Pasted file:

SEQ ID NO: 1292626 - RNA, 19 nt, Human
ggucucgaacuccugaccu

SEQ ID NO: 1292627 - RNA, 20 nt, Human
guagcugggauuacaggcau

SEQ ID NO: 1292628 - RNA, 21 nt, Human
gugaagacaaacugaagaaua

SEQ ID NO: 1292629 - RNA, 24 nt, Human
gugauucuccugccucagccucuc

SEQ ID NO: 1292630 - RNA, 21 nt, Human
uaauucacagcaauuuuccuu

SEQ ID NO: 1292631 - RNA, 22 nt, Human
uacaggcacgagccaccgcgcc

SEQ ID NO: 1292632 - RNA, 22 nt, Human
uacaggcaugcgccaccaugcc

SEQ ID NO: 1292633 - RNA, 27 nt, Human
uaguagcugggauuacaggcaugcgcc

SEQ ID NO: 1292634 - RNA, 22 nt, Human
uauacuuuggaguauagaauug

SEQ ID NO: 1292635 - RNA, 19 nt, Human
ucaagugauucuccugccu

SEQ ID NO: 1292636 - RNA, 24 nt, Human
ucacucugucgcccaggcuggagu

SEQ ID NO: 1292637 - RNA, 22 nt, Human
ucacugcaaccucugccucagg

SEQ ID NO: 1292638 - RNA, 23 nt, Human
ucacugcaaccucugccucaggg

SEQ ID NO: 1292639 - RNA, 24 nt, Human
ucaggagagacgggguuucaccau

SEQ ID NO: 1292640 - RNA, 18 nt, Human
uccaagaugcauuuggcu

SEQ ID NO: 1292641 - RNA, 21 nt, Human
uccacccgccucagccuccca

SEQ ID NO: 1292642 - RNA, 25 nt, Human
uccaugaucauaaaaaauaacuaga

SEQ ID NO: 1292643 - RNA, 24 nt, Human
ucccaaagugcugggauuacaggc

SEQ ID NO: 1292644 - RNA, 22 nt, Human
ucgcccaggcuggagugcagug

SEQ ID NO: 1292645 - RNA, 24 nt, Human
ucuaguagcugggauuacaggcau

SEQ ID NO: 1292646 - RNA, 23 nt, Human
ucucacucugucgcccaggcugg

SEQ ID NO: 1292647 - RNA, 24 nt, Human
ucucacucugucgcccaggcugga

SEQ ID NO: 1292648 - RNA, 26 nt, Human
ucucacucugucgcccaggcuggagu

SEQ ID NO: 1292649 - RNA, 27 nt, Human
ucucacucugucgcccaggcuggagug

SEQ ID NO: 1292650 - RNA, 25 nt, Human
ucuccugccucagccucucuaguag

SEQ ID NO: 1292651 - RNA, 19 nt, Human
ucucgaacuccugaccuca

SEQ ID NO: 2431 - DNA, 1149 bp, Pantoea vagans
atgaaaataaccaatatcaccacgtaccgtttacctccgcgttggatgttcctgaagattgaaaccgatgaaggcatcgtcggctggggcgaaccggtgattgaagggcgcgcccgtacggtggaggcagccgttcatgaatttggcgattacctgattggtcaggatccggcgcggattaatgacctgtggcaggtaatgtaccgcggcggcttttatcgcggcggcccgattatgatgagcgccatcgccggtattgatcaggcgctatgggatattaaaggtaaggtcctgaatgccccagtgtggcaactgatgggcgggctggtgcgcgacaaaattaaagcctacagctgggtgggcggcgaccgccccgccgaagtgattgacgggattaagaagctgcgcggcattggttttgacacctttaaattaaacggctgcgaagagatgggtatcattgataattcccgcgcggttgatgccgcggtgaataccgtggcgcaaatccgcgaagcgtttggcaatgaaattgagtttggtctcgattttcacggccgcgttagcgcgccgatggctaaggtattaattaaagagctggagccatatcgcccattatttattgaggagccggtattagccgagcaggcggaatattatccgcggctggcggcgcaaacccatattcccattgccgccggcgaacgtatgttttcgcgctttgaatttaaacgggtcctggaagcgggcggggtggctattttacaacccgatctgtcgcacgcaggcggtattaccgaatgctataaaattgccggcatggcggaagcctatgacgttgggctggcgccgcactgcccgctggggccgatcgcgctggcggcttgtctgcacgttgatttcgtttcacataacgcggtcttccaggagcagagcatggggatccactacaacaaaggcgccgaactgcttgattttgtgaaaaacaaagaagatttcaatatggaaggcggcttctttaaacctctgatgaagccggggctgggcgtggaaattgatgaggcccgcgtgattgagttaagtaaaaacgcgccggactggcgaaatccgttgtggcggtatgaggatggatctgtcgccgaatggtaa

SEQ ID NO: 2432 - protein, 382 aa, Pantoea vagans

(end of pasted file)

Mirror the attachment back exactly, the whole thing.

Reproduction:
SEQ ID NO: 1292626 - RNA, 19 nt, Human
ggucucgaacuccugaccu

SEQ ID NO: 1292627 - RNA, 20 nt, Human
guagcugggauuacaggcau

SEQ ID NO: 1292628 - RNA, 21 nt, Human
gugaagacaaacugaagaaua

SEQ ID NO: 1292629 - RNA, 24 nt, Human
gugauucuccugccucagccucuc

SEQ ID NO: 1292630 - RNA, 21 nt, Human
uaauucacagcaauuuuccuu

SEQ ID NO: 1292631 - RNA, 22 nt, Human
uacaggcacgagccaccgcgcc

SEQ ID NO: 1292632 - RNA, 22 nt, Human
uacaggcaugcgccaccaugcc

SEQ ID NO: 1292633 - RNA, 27 nt, Human
uaguagcugggauuacaggcaugcgcc

SEQ ID NO: 1292634 - RNA, 22 nt, Human
uauacuuuggaguauagaauug

SEQ ID NO: 1292635 - RNA, 19 nt, Human
ucaagugauucuccugccu

SEQ ID NO: 1292636 - RNA, 24 nt, Human
ucacucugucgcccaggcuggagu

SEQ ID NO: 1292637 - RNA, 22 nt, Human
ucacugcaaccucugccucagg

SEQ ID NO: 1292638 - RNA, 23 nt, Human
ucacugcaaccucugccucaggg

SEQ ID NO: 1292639 - RNA, 24 nt, Human
ucaggagagacgggguuucaccau

SEQ ID NO: 1292640 - RNA, 18 nt, Human
uccaagaugcauuuggcu

SEQ ID NO: 1292641 - RNA, 21 nt, Human
uccacccgccucagccuccca

SEQ ID NO: 1292642 - RNA, 25 nt, Human
uccaugaucauaaaaaauaacuaga

SEQ ID NO: 1292643 - RNA, 24 nt, Human
ucccaaagugcugggauuacaggc

SEQ ID NO: 1292644 - RNA, 22 nt, Human
ucgcccaggcuggagugcagug

SEQ ID NO: 1292645 - RNA, 24 nt, Human
ucuaguagcugggauuacaggcau

SEQ ID NO: 1292646 - RNA, 23 nt, Human
ucucacucugucgcccaggcugg

SEQ ID NO: 1292647 - RNA, 24 nt, Human
ucucacucugucgcccaggcugga

SEQ ID NO: 1292648 - RNA, 26 nt, Human
ucucacucugucgcccaggcuggagu

SEQ ID NO: 1292649 - RNA, 27 nt, Human
ucucacucugucgcccaggcuggagug

SEQ ID NO: 1292650 - RNA, 25 nt, Human
ucuccugccucagccucucuaguag

SEQ ID NO: 1292651 - RNA, 19 nt, Human
ucucgaacuccugaccuca

SEQ ID NO: 2431 - DNA, 1149 bp, Pantoea vagans
atgaaaataaccaatatcaccacgtaccgtttacctccgcgttggatgttcctgaagattgaaaccgatgaaggcatcgtcggctggggcgaaccggtgattgaagggcgcgcccgtacggtggaggcagccgttcatgaatttggcgattacctgattggtcaggatccggcgcggattaatgacctgtggcaggtaatgtaccgcggcggcttttatcgcggcggcccgattatgatgagcgccatcgccggtattgatcaggcgctatgggatattaaaggtaaggtcctgaatgccccagtgtggcaactgatgggcgggctggtgcgcgacaaaattaaagcctacagctgggtgggcggcgaccgccccgccgaagtgattgacgggattaagaagctgcgcggcattggttttgacacctttaaattaaacggctgcgaagagatgggtatcattgataattcccgcgcggttgatgccgcggtgaataccgtggcgcaaatccgcgaagcgtttggcaatgaaattgagtttggtctcgattttcacggccgcgttagcgcgccgatggctaaggtattaattaaagagctggagccatatcgcccattatttattgaggagccggtattagccgagcaggcggaatattatccgcggctggcggcgcaaacccatattcccattgccgccggcgaacgtatgttttcgcgctttgaatttaaacgggtcctggaagcgggcggggtggctattttacaacccgatctgtcgcacgcaggcggtattaccgaatgctataaaattgccggcatggcggaagcctatgacgttgggctggcgccgcactgcccgctggggccgatcgcgctggcggcttgtctgcacgttgatttcgtttcacataacgcggtcttccaggagcagagcatggggatccactacaacaaaggcgccgaactgcttgattttgtgaaaaacaaagaagatttcaatatggaaggcggcttctttaaacctctgatgaagccggggctgggcgtggaaattgatgaggcccgcgtgattgagttaagtaaaaacgcgccggactggcgaaatccgttgtggcggtatgaggatggatctgtcgccgaatggtaa

SEQ ID NO: 2432 - protein, 382 aa, Pantoea vagans